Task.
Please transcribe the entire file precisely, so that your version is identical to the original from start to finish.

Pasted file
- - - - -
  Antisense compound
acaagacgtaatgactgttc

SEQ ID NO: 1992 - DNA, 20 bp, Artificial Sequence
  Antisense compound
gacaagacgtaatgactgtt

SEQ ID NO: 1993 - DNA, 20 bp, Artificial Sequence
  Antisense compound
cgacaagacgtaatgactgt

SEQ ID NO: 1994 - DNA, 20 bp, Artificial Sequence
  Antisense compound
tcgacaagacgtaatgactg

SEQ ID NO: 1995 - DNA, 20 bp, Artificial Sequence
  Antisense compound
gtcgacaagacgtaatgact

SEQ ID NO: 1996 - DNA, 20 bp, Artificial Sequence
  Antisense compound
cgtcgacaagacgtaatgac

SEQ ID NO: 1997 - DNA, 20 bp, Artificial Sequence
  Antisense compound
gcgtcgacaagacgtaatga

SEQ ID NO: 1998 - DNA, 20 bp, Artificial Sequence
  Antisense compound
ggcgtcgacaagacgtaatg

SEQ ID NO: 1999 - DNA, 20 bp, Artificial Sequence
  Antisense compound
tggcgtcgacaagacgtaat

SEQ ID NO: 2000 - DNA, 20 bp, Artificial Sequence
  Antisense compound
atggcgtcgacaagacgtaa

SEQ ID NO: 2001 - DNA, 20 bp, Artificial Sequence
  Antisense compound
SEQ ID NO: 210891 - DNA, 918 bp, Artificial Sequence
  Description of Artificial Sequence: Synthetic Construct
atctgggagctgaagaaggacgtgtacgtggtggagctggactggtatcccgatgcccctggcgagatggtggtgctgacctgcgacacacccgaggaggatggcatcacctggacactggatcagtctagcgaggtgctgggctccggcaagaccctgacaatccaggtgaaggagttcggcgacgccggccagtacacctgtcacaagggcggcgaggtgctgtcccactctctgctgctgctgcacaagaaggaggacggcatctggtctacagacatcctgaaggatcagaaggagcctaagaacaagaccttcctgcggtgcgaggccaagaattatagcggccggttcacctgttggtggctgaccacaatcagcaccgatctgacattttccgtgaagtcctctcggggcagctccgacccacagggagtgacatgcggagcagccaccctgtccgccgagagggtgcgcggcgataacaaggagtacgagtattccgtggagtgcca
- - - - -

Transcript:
  Antisense compound
acaagacgtaatgactgttc

SEQ ID NO: 1992 - DNA, 20 bp, Artificial Sequence
  Antisense compound
gacaagacgtaatgactgtt

SEQ ID NO: 1993 - DNA, 20 bp, Artificial Sequence
  Antisense compound
cgacaagacgtaatgactgt

SEQ ID NO: 1994 - DNA, 20 bp, Artificial Sequence
  Antisense compound
tcgacaagacgtaatgactg

SEQ ID NO: 1995 - DNA, 20 bp, Artificial Sequence
  Antisense compound
gtcgacaagacgtaatgact

SEQ ID NO: 1996 - DNA, 20 bp, Artificial Sequence
  Antisense compound
cgtcgacaagacgtaatgac

SEQ ID NO: 1997 - DNA, 20 bp, Artificial Sequence
  Antisense compound
gcgtcgacaagacgtaatga

SEQ ID NO: 1998 - DNA, 20 bp, Artificial Sequence
  Antisense compound
ggcgtcgacaagacgtaatg

SEQ ID NO: 1999 - DNA, 20 bp, Artificial Sequence
  Antisense compound
tggcgtcgacaagacgtaat

SEQ ID NO: 2000 - DNA, 20 bp, Artificial Sequence
  Antisense compound
atggcgtcgacaagacgtaa

SEQ ID NO: 2001 - DNA, 20 bp, Artificial Sequence
  Antisense compound
SEQ ID NO: 210891 - DNA, 918 bp, Artificial Sequence
  Description of Artificial Sequence: Synthetic Construct
atctgggagctgaagaaggacgtgtacgtggtggagctggactggtatcccgatgcccctggcgagatggtggtgctgacctgcgacacacccgaggaggatggcatcacctggacactggatcagtctagcgaggtgctgggctccggcaagaccctgacaatccaggtgaaggagttcggcgacgccggccagtacacctgtcacaagggcggcgaggtgctgtcccactctctgctgctgctgcacaagaaggaggacggcatctggtctacagacatcctgaaggatcagaaggagcctaagaacaagaccttcctgcggtgcgaggccaagaattatagcggccggttcacctgttggtggctgaccacaatcagcaccgatctgacattttccgtgaagtcctctcggggcagctccgacccacagggagtgacatgcggagcagccaccctgtccgccgagagggtgcgcggcgataacaaggagtacgagtattccgtggagtgcca